Creating a fantastic app means answering a few questions - who is your customer, what are their needs, how are those needs currently being met and what can you do to improve their experience.
The answers to these questions pave the way to a successful app and are generally found during a design sprint where the product to be developed is defined.
Often overlooked, storyboards and storyboarding workshops are vital to a successful product development phase and ultimately, a successful app.
A storyboard is a visual representation of the current problem which your product aims to fix. It is usually the output of a product design workshop with the client and the UX design team.
Initially, the UX design team will use different techniques to extract information needed to create a complete vision of your users’ day to day life. These can include creating personas which represent the different users and defining their user stories, collecting documentation or researching the current processes which your app intends to replace and even doing interviews with potential users. Once this is done, a visual adaptation of your users’ current problem is created - a simplified but rounded representation of your users’ journey.
HOW DOES IT WORK?
At Bemo, our design team spends time getting to know your users by doing research and developing personas based on previous workshops within the design sprint. From here, a clear idea of what potential use cases exist and which are the most important for your product are developed.
The most common use case is identified and is used as the basis of the storyboard.
Say you are developing a food delivery app.
- Research would identify your biggest competitors and how your users interact with these applications.
- The most common use case might be an evening where your user is too tired to cook.
- The timeline would stretch from when the user decides to order food all the way to when the user receives the food and potentially as far as leaving a review or recommendation.
Everything from the user's environment to the fact they were too tired to cook would be represented in a concise image set, the storyboard, and from here, the key pain points, features and opportunities can be mapped out.
The process of creating a storyboard is beneficial in itself, forcing you to really connect with your target market and gain an understanding of where your app exists in their life. The output, a well defined storyboard, allows you to identify a few key things -
Your user’s pain points
A pain point is a moment in a user journey where the user experience or process fails. This can be as simple as having to fill out an extra form which takes longer than necessary or even a complete disconnect in the journey which means an incomplete process. Once a storyboard is laid out, it is easy to identify the aspects of the user journey which cause tension for your customer. These points in the journey generally map directly to a feature within your app.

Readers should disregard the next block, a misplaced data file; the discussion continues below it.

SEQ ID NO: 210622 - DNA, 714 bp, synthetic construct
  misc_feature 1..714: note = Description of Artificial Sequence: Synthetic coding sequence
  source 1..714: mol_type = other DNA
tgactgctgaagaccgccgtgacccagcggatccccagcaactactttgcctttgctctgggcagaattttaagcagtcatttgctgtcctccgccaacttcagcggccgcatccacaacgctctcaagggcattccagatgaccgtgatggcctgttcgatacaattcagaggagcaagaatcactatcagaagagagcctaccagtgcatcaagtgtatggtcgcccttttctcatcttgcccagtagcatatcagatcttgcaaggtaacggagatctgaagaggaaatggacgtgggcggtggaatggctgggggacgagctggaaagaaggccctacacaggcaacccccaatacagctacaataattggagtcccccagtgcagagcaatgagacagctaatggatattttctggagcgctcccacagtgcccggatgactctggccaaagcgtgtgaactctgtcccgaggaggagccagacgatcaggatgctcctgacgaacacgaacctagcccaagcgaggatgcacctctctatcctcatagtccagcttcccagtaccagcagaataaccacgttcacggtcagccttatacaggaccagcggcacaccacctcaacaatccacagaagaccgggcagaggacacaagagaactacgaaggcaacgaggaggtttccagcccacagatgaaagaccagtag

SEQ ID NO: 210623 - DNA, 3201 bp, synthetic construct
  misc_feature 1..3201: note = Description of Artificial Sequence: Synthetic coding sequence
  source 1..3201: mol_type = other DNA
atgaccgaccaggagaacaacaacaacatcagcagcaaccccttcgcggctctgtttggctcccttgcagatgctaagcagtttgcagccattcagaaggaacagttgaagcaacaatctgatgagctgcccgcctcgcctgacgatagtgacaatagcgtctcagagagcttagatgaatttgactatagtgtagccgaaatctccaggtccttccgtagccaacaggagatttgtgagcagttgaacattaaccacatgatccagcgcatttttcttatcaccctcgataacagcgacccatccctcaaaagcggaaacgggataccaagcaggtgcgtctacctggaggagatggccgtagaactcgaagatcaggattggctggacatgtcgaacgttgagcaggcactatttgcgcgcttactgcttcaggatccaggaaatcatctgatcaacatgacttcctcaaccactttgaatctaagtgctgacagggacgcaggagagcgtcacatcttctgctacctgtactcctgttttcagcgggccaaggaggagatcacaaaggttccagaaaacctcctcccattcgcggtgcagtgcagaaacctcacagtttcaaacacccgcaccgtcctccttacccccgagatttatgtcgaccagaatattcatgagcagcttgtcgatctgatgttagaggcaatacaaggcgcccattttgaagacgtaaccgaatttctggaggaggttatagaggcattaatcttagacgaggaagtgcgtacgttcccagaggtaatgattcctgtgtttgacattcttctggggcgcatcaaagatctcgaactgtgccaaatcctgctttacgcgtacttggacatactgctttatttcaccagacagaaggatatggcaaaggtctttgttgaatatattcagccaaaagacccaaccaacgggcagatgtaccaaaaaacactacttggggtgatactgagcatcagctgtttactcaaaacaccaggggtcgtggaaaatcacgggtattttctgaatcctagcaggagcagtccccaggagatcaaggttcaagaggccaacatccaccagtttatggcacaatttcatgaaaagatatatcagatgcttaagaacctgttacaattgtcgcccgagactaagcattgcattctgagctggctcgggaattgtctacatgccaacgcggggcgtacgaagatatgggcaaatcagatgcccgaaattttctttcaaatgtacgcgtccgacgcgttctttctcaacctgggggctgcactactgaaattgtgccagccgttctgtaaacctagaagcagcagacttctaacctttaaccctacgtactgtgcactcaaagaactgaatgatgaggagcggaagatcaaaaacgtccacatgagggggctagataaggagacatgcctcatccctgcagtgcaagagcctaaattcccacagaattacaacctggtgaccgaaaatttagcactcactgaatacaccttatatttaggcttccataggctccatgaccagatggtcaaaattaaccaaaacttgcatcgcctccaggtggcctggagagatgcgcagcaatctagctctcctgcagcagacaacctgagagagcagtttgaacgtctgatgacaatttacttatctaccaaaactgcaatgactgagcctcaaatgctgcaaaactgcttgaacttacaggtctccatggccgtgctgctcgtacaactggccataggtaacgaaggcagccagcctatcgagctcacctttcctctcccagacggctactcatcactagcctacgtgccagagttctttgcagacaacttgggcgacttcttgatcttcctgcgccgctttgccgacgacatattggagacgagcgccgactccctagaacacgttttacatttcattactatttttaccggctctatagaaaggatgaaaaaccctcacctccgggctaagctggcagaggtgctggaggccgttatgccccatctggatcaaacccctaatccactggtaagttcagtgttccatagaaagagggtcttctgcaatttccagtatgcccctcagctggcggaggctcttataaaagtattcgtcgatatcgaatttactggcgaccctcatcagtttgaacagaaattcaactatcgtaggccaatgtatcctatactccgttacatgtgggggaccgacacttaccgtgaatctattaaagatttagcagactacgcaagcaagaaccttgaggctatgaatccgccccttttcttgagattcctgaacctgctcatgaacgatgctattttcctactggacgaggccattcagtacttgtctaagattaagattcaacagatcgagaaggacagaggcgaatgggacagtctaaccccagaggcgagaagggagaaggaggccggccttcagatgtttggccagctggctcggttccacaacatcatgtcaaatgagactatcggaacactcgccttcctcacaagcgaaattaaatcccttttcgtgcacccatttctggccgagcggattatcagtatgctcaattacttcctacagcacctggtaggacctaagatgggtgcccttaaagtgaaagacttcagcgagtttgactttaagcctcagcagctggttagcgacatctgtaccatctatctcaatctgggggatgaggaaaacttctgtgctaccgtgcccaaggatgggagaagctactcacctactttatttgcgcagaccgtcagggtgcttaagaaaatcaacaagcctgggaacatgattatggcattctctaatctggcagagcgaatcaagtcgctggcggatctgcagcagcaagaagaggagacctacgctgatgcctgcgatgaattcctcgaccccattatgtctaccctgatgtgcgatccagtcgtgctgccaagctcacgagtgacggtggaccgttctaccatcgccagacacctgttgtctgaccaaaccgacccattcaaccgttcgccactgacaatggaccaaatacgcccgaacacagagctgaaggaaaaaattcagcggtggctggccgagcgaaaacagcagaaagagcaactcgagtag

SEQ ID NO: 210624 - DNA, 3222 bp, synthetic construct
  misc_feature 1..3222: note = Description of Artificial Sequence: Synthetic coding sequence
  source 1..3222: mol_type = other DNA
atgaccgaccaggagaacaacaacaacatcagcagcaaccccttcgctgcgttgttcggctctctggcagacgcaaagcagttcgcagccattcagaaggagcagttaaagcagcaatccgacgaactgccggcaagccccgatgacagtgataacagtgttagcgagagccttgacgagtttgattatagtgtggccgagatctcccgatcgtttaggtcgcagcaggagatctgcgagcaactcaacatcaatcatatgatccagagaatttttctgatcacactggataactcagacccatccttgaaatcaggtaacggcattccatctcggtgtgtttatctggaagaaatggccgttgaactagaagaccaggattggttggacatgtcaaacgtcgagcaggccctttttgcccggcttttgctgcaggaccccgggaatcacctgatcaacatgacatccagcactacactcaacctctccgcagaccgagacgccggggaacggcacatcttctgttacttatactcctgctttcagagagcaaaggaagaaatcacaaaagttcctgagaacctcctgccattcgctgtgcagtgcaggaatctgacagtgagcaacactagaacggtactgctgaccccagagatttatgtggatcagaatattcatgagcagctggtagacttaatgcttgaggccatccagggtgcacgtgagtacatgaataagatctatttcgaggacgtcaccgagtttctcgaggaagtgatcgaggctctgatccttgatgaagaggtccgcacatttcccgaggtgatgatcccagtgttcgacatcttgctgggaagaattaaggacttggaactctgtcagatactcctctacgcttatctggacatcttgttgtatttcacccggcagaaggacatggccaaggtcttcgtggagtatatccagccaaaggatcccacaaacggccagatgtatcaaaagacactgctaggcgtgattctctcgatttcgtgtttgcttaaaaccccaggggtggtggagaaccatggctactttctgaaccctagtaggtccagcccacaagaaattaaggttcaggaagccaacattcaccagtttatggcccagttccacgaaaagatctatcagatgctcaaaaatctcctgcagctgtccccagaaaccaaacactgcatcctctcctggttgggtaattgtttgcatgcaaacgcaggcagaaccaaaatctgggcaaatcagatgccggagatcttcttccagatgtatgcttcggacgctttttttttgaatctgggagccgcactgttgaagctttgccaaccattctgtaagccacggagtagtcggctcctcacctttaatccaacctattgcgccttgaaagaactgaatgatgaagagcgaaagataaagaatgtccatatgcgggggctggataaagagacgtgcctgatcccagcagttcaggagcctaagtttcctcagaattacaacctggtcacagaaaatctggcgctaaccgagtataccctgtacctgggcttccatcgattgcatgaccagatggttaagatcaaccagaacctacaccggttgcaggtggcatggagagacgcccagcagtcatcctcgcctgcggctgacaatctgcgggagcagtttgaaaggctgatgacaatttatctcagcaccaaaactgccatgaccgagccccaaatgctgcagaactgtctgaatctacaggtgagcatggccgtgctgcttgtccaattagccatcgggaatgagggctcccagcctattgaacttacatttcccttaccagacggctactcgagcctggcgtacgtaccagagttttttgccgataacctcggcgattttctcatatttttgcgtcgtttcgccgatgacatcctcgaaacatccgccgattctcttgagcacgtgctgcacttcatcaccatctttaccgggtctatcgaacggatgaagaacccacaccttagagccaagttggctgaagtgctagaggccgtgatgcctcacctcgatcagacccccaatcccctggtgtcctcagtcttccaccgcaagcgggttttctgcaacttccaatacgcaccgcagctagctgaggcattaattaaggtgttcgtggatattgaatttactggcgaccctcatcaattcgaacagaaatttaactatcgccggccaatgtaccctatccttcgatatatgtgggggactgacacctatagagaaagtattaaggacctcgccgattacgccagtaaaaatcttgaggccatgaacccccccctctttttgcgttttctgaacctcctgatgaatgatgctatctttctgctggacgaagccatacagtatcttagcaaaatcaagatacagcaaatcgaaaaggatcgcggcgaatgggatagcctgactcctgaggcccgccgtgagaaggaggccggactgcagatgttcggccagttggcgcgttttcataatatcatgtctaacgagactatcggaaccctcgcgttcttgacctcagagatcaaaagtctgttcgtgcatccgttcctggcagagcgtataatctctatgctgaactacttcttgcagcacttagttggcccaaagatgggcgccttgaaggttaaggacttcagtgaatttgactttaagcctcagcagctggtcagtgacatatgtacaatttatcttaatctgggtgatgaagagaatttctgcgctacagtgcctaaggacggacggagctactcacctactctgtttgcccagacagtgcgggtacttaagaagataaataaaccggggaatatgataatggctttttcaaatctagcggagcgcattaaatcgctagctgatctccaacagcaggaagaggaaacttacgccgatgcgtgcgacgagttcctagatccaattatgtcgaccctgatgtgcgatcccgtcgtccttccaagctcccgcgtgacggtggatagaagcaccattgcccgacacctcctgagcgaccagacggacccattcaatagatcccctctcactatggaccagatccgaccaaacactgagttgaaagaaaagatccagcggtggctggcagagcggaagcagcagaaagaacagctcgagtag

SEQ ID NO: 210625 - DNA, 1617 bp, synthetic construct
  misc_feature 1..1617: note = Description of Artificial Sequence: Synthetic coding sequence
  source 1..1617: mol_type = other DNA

Processes your app can replace
The pain points generally represent areas that your app has the potential to replace. An app whose features replace pain points is often more successful as it shows an understanding of the user and leads to better a user experience.
Processes your app cannot replace
Often when creating an app, clients consider all the ways their customers will use the app to replace current actions. What isn’t considered is the actions which the app cannot replace. This is important to understand as it gives the app a realistic features list and meet users' needs.
The most important features your app needs
Looking at the users' pain points makes it clear which features are crucial to include in your first version of the application. This gives clarity and definition to your features list and app.
Redundant features which could be removed or built into another app
Its easy to get carried away when thinking of all of the possible features your app could provide. Storyboards make it clear which features it should provide, ensuring a rounded product and identifying which features could potentially exist on their own or as part of another application.
THE BEMO WAY
At Bemo, we offer a full app development service from product design and branding to development and launch.
We also provide design sprints as a stand alone service which includes workshops and storyboarding sessions. Our focus on great product design means the applications we build meet the users' needs and provide excellent user experiences.
When creating storyboards, we use different tools depending on the project. Here are few examples of the software we use to create storyboards for our clients.
- Sketch or Photoshop
- Pen and paper
- iPad Pro, Stylus and Adobe Draw
Along with storyboards, the hands on workshops we hold have a number of different outputs, including market research reports, personas and user stories. If you are a business or startup with a great idea, get in touch and let us help you turn it into a successful app.
The images used throughout this article were taken from product development workshops held with our clients.
Interested in booking a design sprint? Learn more here.